“A Song of Aryador” by J.R.R. Tolkien

The recent dearth of posts is not what I had planned for this month, but is caused by intensive training for my new job. The review for Series 3 of Doctor Who is in the works (as it should have been long ago), and I am happily taking notes on Series 4 now. I am also continuing through George MacDonald’s Lilith, and am finding it as fascinating and perplexing as was Phantastes. And in the realm of webcomics, I have been reading through the famed Gunnerkrigg Court, a story about an intelligent English girl at a very strange boarding school surrounded by the shadows of fairy tales and myths (and a little sci-fi). But as you wait for more news on those fronts, I’d like to present an especially beautiful poem by the Professor, and one even less well known than his others.

It is found only in The Book of Lost Tales 1, at the end of the section entitled “The Coming of the Elves.” Christopher Tolkien tells us that it was written in an army camp in Lichenfield on September 12, 1915. It appears to be a song of an ancient group of men about the Lost Elves (those who had not gone to Valinor), whom they feared.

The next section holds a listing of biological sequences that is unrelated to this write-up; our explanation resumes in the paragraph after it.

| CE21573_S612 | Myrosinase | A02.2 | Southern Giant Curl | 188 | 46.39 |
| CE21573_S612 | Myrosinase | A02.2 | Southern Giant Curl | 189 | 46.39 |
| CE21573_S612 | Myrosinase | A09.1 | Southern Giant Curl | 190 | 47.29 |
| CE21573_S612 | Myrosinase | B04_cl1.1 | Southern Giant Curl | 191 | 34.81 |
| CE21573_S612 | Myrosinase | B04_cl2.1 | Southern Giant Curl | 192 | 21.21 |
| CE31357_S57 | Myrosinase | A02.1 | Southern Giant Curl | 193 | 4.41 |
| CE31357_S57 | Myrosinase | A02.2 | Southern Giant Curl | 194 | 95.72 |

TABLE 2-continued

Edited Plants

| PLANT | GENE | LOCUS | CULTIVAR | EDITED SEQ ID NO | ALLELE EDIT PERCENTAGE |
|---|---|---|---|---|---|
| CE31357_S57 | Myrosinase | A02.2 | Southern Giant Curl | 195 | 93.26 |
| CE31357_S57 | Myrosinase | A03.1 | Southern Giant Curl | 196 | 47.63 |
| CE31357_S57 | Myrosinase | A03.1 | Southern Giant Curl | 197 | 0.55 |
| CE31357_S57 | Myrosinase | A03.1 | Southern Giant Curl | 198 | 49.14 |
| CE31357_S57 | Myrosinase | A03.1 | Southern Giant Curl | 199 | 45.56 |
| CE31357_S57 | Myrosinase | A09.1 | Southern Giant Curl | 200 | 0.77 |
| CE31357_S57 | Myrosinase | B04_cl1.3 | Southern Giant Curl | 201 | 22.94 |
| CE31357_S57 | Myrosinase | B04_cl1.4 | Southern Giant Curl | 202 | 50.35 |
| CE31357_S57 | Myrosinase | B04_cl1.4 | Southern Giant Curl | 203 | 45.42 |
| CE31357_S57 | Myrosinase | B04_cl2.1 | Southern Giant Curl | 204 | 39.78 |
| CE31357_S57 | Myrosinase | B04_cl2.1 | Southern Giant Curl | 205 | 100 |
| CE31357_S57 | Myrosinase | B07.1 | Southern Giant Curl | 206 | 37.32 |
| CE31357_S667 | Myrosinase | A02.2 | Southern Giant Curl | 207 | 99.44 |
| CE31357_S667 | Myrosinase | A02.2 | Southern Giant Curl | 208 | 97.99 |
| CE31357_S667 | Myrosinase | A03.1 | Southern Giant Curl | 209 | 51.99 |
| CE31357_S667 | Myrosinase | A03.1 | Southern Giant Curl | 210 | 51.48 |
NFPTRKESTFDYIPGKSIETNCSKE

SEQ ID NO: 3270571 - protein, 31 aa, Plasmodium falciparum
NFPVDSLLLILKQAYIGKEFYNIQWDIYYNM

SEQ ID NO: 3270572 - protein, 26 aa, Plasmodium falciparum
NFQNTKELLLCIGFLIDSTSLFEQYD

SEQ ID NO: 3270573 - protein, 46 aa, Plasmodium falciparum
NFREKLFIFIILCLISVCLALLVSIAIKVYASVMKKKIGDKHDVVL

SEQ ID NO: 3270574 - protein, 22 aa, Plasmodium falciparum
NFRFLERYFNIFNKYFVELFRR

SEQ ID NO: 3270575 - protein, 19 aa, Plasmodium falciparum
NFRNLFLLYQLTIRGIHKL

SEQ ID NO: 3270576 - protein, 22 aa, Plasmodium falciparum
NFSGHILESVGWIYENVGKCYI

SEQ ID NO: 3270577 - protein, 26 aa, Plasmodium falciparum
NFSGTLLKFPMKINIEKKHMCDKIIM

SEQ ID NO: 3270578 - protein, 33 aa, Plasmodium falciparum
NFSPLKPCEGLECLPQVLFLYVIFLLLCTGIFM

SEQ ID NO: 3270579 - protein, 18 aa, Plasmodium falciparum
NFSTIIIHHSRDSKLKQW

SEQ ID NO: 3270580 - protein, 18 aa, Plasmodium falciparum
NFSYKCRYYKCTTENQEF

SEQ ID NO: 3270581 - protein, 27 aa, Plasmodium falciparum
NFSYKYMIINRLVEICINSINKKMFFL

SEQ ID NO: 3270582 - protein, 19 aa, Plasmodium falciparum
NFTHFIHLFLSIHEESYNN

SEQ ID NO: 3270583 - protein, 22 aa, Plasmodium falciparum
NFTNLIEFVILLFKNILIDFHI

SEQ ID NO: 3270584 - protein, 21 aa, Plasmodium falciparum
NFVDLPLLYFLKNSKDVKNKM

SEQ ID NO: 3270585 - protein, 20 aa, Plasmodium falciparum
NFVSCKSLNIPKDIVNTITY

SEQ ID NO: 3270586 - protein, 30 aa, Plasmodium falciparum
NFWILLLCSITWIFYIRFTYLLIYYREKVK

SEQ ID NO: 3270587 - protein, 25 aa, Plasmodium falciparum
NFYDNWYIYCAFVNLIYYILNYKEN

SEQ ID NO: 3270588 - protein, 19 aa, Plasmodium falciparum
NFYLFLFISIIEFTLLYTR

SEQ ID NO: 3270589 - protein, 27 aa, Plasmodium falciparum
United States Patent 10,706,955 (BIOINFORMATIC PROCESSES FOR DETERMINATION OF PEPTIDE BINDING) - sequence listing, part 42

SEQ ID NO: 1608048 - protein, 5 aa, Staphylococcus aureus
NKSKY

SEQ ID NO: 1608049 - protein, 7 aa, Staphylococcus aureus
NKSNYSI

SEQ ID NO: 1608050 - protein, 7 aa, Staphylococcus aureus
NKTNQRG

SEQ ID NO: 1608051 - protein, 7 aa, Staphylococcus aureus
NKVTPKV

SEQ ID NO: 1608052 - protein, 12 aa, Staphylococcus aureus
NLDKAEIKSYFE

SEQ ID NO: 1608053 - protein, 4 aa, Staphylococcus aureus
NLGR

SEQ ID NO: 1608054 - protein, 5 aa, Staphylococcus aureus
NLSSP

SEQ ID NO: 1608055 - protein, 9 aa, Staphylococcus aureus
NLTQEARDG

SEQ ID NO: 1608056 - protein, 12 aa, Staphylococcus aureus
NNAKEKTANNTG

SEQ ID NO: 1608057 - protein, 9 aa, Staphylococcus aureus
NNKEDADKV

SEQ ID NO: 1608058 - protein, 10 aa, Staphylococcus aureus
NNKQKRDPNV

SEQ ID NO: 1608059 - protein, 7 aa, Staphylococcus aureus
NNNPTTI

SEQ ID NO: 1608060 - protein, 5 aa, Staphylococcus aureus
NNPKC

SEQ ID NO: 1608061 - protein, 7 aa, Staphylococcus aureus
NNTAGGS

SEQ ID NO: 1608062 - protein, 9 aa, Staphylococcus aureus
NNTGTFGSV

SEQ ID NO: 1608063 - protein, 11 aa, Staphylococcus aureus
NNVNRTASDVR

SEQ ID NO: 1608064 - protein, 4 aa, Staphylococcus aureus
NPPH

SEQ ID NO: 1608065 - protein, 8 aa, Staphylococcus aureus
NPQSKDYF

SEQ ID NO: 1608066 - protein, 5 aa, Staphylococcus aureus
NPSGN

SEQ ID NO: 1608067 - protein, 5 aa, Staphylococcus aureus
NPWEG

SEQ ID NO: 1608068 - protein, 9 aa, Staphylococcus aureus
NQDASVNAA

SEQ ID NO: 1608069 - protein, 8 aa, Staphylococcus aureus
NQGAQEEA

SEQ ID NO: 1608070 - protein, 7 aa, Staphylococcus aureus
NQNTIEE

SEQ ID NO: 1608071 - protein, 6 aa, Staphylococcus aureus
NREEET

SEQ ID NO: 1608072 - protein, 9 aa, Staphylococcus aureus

A Song of Aryador

J.R.R. Tolkien

In the vales of Aryador
By the wooded inland shore
Green the lakeward bents and meads
Sloping down to murmurous reeds
That whisper in the dusk o’er Aryador:

‘Do you hear the many bells
Of the goats upon the fells
Where the valley tumbles downward from the pines?
Do you hear the blue woods moan
When the Sun has gone alone
To hunt the mountain-shadows in the pines?

She is lost among the hills
And the upland slowly fills
With the shadow-folk that murmur in the fern;
And still there are the bells
And the voices on the fells
While Eastward a few stars begin to burn.

Men are kindling tiny gleams
Far below by mountain-streams
Where they dwell among the beechwoods near the shore,
But the great woods on the height
Watch the waning western light
And whisper to the wind of things of yore,

When the valley was unknown,
And the waters roared alone,
And the shadow-folk danced downward all the night,
When the Sun fared abroad
Through great forests unexplored
And the woods were full of wandering beams of light.

Then were voices in the fells
And a sound of ghostly bells
And a march of shadow-people o’er the height.
In the mountains by the shore
In forgotten Aryador
There was dancing and was ringing;
There were shadow-people singing
Ancient songs of olden gods in Aryador.’